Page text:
Several Latin American countries have made remarkable strides towards offering community mental health care for people with psychoses. Nonetheless, mental health clinics generally have a very limited outreach in the community, tending to have weaker links to primary health care; rarely engaging patients in providing care; and usually not providing recovery-oriented services. This paper describes a pilot randomized controlled trial (RCT) of Critical Time Intervention-Task Shifting (CTI-TS) aimed at addressing such limitations. The pilot RCT was conducted in Santiago (Chile) and Rio de Janeiro (Brazil). We included 110 people with psychosis in the study, who were recruited at the time of entry into community mental health clinics. Trial participants were randomly divided into CTI-TS intervention and usual care. Those allocated to the intervention group received usual care and, in addition, CTI-TS services over a 9-month period. Primary outcomes include quality of life (WHO Quality of Life Scale - Brief Version) and unmet needs (Camberwell Assessment of Needs) at the 18-month follow-up. Primary outcomes at 18 months will be analyzed by Generalized Estimating Equations (GEE), with observations clustered within sites. We will use three-level multilevel models to examine time trends on the primary outcomes. Similar procedures will be used for analyzing secondary outcomes. Our hope is that this trial provides a foundation for planning a large-scale multi-site RCT to establish the efficacy of recovery-oriented interventions such as CTI-TS in Latin America.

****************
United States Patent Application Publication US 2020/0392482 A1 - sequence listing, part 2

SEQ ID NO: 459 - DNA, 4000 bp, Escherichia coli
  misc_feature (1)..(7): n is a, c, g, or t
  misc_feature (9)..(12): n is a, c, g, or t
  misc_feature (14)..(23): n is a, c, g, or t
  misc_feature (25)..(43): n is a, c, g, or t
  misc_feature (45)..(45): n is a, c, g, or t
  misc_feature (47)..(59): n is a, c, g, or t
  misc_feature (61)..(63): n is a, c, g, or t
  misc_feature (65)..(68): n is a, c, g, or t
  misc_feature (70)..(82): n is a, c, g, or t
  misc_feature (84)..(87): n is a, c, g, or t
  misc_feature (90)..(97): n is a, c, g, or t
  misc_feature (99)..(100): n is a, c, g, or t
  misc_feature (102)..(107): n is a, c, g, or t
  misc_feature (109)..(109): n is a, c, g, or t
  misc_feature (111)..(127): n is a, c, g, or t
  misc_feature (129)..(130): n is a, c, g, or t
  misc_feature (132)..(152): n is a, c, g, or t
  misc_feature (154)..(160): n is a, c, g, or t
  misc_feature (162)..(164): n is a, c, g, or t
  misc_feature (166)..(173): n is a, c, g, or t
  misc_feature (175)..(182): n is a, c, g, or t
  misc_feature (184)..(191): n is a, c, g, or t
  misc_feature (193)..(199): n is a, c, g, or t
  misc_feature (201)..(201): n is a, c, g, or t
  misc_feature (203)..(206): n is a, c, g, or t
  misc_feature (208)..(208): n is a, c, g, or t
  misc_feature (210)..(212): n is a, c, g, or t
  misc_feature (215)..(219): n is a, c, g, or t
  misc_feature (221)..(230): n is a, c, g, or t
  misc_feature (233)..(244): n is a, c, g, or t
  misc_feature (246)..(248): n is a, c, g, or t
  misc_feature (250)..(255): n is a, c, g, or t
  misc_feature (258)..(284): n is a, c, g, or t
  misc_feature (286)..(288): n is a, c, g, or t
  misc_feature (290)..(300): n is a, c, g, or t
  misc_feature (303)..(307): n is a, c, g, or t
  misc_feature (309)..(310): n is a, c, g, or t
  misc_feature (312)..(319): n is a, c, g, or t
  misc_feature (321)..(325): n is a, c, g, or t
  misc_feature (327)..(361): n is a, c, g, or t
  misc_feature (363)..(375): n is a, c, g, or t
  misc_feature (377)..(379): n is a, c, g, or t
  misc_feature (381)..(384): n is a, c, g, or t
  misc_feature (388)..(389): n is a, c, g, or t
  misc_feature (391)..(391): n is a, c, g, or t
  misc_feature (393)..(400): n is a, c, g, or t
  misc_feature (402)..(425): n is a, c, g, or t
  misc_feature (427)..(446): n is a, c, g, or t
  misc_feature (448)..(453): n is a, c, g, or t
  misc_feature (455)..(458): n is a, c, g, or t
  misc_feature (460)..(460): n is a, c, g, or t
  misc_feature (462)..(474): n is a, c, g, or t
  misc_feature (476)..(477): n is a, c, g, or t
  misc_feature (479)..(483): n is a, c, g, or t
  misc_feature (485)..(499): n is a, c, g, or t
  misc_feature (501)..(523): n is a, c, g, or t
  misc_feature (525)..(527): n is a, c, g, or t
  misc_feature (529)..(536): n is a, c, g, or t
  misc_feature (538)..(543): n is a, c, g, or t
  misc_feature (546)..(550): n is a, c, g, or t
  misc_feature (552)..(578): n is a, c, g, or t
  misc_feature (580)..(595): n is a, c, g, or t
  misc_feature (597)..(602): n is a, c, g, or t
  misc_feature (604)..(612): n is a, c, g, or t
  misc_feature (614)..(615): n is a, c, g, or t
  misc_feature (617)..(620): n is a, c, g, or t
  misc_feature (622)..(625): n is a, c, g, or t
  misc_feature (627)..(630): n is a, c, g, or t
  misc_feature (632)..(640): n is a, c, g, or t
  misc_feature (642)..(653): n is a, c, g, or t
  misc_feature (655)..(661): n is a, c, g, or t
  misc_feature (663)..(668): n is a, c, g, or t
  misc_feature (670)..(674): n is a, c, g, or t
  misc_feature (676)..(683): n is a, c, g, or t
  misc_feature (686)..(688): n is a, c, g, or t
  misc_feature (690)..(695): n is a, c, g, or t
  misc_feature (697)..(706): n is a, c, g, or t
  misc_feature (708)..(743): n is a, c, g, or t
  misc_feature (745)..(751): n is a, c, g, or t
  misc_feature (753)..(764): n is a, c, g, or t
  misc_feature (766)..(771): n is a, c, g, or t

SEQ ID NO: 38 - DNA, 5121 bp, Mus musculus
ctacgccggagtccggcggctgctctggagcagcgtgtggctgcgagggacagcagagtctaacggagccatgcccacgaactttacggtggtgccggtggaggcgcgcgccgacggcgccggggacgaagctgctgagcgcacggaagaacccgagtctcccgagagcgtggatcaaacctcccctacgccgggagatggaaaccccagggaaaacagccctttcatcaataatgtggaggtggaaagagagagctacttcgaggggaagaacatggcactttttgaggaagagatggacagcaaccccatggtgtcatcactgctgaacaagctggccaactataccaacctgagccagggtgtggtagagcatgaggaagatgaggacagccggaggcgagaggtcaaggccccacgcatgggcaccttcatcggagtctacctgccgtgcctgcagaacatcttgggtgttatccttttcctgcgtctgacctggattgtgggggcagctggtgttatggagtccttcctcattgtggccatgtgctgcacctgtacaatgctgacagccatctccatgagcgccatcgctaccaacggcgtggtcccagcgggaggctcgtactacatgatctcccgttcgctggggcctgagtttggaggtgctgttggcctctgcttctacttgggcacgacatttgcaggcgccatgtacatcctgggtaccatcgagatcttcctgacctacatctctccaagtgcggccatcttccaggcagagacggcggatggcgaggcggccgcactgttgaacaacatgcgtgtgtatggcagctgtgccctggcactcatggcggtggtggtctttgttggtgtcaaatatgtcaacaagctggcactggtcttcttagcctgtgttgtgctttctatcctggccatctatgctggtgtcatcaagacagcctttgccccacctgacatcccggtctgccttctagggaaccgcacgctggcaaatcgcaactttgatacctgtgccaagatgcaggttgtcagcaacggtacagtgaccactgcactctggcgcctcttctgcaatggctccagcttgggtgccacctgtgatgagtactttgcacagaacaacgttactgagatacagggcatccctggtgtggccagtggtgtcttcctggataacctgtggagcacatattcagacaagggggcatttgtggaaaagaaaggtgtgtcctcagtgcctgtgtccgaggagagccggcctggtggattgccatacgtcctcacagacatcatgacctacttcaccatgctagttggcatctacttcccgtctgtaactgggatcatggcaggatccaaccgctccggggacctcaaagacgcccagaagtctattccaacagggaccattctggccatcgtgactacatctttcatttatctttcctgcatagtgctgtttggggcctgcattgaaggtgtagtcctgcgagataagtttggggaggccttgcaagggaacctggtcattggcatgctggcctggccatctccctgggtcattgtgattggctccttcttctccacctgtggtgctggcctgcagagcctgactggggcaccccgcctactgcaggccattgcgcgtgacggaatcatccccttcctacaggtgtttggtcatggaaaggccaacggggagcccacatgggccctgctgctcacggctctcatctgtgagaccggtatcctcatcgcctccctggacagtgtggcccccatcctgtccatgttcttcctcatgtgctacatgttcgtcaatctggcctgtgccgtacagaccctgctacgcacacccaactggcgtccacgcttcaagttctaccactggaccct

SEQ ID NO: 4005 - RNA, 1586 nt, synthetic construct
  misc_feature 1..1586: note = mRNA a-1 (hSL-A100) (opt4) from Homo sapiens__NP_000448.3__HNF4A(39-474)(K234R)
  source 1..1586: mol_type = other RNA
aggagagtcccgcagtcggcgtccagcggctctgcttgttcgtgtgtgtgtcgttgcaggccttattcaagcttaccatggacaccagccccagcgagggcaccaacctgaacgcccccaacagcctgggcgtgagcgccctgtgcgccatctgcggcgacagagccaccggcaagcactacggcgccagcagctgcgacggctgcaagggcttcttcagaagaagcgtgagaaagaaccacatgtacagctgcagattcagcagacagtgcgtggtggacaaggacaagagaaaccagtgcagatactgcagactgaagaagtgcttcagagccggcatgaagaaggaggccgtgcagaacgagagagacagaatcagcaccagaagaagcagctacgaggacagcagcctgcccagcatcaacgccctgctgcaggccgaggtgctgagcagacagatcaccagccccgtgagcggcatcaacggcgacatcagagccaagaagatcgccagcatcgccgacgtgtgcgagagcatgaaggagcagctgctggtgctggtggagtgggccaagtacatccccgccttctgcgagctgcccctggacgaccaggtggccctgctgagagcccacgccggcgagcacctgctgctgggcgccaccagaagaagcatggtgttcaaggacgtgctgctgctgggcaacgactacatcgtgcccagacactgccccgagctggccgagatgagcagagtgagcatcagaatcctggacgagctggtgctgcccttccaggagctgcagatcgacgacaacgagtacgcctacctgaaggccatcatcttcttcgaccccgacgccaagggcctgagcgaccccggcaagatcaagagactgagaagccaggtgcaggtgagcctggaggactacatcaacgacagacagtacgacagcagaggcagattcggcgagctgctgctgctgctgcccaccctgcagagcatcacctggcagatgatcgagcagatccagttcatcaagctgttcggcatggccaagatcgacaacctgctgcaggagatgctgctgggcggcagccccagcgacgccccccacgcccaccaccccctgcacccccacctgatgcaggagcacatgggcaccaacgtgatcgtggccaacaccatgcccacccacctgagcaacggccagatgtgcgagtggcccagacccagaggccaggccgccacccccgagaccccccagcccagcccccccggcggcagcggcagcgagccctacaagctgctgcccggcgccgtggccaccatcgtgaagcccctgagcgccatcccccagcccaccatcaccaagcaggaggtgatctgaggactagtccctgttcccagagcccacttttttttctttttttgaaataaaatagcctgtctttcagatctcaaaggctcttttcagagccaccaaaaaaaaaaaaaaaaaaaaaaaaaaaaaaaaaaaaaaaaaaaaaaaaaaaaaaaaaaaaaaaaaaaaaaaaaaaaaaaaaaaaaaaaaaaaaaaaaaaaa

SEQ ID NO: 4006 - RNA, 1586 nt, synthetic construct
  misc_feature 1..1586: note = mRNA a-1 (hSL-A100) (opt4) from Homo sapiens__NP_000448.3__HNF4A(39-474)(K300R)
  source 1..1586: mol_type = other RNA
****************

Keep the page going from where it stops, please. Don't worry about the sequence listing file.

ASJC Scopus subject areas
- Public Health, Environmental and Occupational Health